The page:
Costly meds a bitter pill to swallow

PETALING JAYA: High prices of medication charged by private clinics and private hospitals has forced companies to deal directly with pharmacies in an effort to reduce operational cost.

The move, which is trending among many local companies, helps them save millions of ringgit yearly in staff medical benefits.

Similarly, individuals who are on long-term medication would also be able to save as much as 40% if they buy directly from independent pharmacy stores.

A pharmaceutical industry source said the trend emerged slightly over a year ago when companies were trying to reduce their operational cost.

The source said companies found that by dealing directly with independent pharmacies, they could save substantially for their employees’ long-term medicines, especially those who have been diagnosed for diabetic, hypertension, cardiovascular and chronic kidney diseases.

Three different prices: The price of long-term medication obtained from a private hospital compared with a regular walk-in customer and corporate  discount  at the local pharmacy store.Three different prices: The price of long-term medication obtained from a private hospital compared with a regular walk-in customer and corporate discount at the local pharmacy store.

The source added that the difference in price can range from 20% all the way up to 150%.

“As such, buying directly from the pharmacy can help them to tremendously reduce their medical bills.”

A one-month supply of medicine for high blood pressure, for example, may cost RM75 at an independent pharmacy but the same medicine can be priced at between RM90 and RM100 at private clinics while the cost at private hospitals varies between RM150 and RM200.

“There is no price control to regulate the cost of these medicines and employers have no choice then but to bear the cost.”

Companies eventually realised that they could save as much as 40% by buying direct from independent pharmacies, especially for their workers who are on long-term medication.

The source said it is a huge saving for companies with a large workforce adding that a company with over 40,000 employees could save up to RM8 million a year through such move.

Malaysian Pharmaceutical Society treasurer Lim Jack Shen acknowledged that pharmacists could assist companies to reduce their medical cost.

He said aside from being able to help reduce cost, they would also assist to monitor and advise on the drugs dispensed to patients.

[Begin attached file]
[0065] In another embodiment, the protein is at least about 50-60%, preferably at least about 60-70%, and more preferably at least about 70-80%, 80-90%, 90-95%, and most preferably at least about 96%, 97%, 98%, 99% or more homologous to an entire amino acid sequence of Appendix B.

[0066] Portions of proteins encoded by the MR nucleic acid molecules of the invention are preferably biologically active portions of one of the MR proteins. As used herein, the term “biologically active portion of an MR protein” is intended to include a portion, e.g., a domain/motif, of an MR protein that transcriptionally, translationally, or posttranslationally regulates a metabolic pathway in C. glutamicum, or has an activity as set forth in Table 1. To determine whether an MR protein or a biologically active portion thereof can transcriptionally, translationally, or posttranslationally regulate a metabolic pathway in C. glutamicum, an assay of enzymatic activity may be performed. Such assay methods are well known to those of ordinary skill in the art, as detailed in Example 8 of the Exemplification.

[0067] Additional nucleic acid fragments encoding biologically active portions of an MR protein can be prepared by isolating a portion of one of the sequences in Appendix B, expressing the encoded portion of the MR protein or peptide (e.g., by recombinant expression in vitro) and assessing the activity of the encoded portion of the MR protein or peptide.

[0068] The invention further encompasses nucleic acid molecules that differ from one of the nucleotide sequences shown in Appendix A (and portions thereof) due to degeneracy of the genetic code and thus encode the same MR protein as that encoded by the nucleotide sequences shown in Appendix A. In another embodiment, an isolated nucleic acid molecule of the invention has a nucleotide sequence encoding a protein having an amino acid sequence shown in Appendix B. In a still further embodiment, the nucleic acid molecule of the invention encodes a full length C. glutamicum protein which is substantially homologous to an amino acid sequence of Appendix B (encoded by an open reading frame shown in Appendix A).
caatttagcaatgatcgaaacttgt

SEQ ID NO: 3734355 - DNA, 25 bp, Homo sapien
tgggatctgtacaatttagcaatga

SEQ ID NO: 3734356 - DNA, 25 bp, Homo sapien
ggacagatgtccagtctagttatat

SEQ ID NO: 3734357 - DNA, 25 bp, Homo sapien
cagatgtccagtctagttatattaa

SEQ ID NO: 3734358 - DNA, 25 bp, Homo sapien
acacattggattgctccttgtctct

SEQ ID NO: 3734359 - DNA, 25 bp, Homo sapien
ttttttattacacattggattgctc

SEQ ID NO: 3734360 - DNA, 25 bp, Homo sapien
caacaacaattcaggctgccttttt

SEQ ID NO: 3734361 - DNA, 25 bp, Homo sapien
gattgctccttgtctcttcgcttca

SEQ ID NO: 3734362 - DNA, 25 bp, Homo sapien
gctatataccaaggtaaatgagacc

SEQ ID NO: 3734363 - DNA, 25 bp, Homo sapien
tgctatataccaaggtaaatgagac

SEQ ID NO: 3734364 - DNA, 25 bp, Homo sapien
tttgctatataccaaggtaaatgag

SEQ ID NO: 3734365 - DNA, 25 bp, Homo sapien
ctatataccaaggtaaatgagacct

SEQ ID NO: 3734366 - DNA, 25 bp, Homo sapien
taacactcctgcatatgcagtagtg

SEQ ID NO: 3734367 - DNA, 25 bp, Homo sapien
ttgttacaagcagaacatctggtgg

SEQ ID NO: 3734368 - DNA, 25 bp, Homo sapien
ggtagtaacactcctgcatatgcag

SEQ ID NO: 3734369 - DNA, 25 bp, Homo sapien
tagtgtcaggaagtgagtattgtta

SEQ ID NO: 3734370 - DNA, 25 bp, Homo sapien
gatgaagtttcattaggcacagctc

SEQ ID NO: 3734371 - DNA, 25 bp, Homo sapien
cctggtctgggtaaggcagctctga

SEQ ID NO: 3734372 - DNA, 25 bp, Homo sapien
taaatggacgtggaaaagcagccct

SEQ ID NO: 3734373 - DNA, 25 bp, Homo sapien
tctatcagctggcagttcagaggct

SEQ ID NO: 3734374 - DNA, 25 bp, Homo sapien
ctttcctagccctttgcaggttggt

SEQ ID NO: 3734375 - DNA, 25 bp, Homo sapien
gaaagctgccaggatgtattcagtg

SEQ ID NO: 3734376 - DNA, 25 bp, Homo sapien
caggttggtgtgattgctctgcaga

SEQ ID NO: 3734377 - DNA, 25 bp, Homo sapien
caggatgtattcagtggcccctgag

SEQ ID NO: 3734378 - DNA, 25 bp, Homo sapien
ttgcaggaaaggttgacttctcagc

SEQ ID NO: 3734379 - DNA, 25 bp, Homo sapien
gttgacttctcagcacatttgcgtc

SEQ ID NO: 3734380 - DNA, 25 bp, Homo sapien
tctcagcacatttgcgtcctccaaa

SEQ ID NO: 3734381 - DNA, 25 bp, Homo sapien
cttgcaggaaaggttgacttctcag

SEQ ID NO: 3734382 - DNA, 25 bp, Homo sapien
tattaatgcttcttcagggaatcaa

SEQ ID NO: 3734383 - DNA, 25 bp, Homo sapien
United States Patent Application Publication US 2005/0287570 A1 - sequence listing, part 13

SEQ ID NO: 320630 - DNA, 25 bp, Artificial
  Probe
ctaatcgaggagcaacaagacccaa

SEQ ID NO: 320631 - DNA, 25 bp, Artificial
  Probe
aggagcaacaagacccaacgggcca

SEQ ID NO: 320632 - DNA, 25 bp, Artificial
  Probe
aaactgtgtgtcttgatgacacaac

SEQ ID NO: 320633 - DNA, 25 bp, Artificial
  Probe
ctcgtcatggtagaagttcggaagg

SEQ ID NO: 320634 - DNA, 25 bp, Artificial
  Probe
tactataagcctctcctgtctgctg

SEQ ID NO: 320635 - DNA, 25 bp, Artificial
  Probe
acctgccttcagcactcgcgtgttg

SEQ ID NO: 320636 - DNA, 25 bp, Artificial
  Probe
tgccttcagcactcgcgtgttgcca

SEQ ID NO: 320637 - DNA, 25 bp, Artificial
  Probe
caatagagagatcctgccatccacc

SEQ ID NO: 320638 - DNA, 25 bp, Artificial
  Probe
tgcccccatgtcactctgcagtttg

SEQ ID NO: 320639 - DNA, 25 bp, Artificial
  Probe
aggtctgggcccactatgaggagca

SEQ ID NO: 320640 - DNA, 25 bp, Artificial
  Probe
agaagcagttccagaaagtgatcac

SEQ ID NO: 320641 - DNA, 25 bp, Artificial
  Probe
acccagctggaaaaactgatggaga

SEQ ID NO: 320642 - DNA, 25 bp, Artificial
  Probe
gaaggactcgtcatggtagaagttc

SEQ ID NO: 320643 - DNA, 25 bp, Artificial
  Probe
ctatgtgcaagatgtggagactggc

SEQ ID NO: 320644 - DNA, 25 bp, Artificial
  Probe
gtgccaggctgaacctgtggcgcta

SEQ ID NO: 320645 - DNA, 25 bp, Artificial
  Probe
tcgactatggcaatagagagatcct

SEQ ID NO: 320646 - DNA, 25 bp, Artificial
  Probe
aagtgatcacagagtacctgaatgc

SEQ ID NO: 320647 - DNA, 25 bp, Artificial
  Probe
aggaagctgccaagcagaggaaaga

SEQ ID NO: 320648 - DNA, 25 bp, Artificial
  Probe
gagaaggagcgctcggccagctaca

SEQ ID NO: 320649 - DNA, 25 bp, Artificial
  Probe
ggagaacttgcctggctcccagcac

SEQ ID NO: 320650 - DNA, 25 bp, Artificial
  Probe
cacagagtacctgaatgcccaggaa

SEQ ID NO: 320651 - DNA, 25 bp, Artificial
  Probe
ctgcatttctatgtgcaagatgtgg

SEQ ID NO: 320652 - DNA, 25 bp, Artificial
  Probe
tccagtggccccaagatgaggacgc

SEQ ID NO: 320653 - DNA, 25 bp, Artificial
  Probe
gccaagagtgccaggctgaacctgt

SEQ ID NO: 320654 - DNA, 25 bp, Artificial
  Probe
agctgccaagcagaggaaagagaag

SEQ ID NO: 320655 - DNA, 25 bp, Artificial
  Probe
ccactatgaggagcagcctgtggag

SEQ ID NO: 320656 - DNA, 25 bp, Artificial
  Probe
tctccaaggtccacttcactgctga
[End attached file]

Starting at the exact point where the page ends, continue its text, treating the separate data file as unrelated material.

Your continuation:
He said doctors and pharmacists could work together to expand medical knowledge.

“While the doctors’ role is to diagnose and treat a patient, the pharmacists oversee the dispensing of the drugs, to ensure the appropriate use of medications and medication safety.”

He said pharmacists were not trying to play doctors and undercut the business by dispensing the medicine to the patients.

“Each of the prescriptions issued by the doctors has a validity of three months under the Health Ministry regulation and requirements.

“As such, pharmacists dispensing these drugs would require the patients to get a fresh prescription every three months, to ensure they undergo proper medical review and checkup.

Malaysian Medical Association president Dr N. Ganabaskaran said it is the patient’s right to get their medicine directly from the pharmacy as long as they follow the existing law on prescription and dispensing of drugs.

However, he said, the patients have to come back to see a doctor for follow-ups and monitoring of drugs adherence, compliance and review the outcome of the treatment.

“Clinics are stringently regulated under the Private Healthcare Facilities and Services Act to protect the patients. Pharmacy outlets are not regulated.”

Therefore, he said, they are concerned with patients’ safety and care being compromised through such programmes.

According to a private general practitioner (GP) in the Klang Valley, medicines that are bought in small quantity cost a lot, compared to those bought in bulk.

“I may have only one patient taking a particular medication, so I only buy one box a month just for this patient, for example, ” he said.

“Clinics in a chain, like Mediviron or Qualitas, get their medications in bulk.

“The HQ buys all the medicines for them at a big discounted price, then the individual clinics buy what they need from the HQ at that cheaper price.”

He added that wholesale pharmacies that supply clinics provide certain price packages, according to the amount of medicines being bought.

“If I buy just one box, it will be at cost price, which can be pretty expensive for certain drugs.

“But if I buy 1,000 boxes, the pharmacy will give me another 500 for free, so if you count the price for the 1,500 boxes altogether, I’m getting a 33% discount on the cost price.

“And the more you buy, the more ‘free’ boxes you get and the larger the discount, ” he said.

He added that private GPs rely on the profit from medications to sustain their business as the consultation fees (currently RM10-35 per consultation) are too low for doctors to make a living.

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